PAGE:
Imagine a person you love very much, feel your love in heart, in your body and send these words  to them:

May you be safe and protected
May you be free from harm
May you be healthy and strong
May you be physically healthy and free from pain
May you be truly content
May you be deeply peaceful
May you live with ease
May you have acceptance of self and others
May you have abundance in love

Simplified version:
May you be safe
May you be well
May you be happy
May you live with ease


Continue in this manner and imagine:
Friends and Family
Community/Neighborhood
Country/Area of the world
A person you are challenged by, in conflict with, holding anger toward

Bring your hands over heart if they are not there and send love to YOURSELF and send the words to yourself.

Stay here in meditation for as long as you need following your breath and feeling peaceful and at ease.

Tonglen Meditation

This is a practice that helps us to cultivate compassion and empathy for those around us who may be suffering, experiencing sorrow or feeling pain. Tonglen is a visualization practice that means “giving and taking.”  We breathe in, taking the suffering, sorrow, or pain in with our breath, and we breathe out compassion and understanding. I use this practice personally and would suggest practicing with students 7th grade and older.

Come to a comfortable seat and begin to connect to your breath. Bring your hands to your heart and say to yourself these words.

  • May I be safe
  • May I be well
  • May I be happy
  • May I live with ease

Now relax your hands down into your lap and picture an image of the person who is suffering standing in front you. Imagine a dark cloud around them that is their suffering sorrow or pain.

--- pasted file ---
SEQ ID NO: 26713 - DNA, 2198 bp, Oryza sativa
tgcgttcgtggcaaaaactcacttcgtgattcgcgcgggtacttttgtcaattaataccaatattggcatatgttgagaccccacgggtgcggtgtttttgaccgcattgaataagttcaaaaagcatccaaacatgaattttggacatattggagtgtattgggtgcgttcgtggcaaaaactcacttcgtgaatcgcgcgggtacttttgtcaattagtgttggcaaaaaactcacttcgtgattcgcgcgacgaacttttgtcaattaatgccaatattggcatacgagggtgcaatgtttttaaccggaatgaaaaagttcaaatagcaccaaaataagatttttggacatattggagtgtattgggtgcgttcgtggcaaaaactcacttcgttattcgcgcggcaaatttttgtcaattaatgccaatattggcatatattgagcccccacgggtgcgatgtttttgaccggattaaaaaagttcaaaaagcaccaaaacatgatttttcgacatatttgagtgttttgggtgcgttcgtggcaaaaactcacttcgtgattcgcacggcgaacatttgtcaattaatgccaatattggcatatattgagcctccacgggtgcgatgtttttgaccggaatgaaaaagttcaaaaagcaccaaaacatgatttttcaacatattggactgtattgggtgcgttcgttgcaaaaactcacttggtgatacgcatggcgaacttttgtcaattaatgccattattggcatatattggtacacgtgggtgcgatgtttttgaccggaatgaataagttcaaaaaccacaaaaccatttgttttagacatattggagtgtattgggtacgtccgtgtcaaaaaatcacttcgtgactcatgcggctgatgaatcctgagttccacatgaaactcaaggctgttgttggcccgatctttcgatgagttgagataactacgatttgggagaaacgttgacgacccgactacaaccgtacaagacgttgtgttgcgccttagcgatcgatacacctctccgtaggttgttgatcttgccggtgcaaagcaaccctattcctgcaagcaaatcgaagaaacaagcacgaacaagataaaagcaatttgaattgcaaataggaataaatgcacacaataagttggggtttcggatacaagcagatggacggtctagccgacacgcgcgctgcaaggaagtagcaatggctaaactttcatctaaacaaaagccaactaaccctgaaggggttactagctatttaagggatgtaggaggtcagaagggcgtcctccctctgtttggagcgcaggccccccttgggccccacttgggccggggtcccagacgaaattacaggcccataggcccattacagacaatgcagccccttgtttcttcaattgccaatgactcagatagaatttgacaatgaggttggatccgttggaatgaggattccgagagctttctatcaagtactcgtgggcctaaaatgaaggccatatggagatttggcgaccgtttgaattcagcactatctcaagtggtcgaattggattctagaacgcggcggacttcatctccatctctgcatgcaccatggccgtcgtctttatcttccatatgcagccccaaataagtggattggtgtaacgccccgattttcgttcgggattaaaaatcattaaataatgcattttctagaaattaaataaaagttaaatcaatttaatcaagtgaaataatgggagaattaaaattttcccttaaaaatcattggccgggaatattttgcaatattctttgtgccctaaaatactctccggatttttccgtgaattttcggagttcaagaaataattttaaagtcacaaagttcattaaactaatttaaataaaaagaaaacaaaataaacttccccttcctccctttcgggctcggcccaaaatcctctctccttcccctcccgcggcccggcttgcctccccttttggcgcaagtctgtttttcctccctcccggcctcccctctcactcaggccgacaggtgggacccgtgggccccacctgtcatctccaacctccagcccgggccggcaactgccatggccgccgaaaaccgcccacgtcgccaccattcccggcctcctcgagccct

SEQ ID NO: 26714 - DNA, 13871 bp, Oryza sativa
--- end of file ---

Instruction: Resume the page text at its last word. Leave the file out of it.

As you inhale, imagine breathing in the dark cloud. Breathe in, imagine the cloud becoming a bright, warm light of compassion in your heart.

When you exhale, breathe out the light of compassion to the person you are picturing and imagine the light washing away the suffering, sorrow, or pain.

Continue breathing in the dark cloud, turning it into a light of compassion and then sending the light back to the person in front of you.

When you are ready, come back to your own breath and then send these words to the person.

  • May you be safe
  • May you be well
  • May you be happy
  • May you live with ease

End by bringing your hands back over your heart and repeating to yourself.

  • May I be safe
  • May I be well
  • May I be happy
  • May I live with ease

Stay here in meditation for as long as you need following your breath and feeling peaceful and at ease.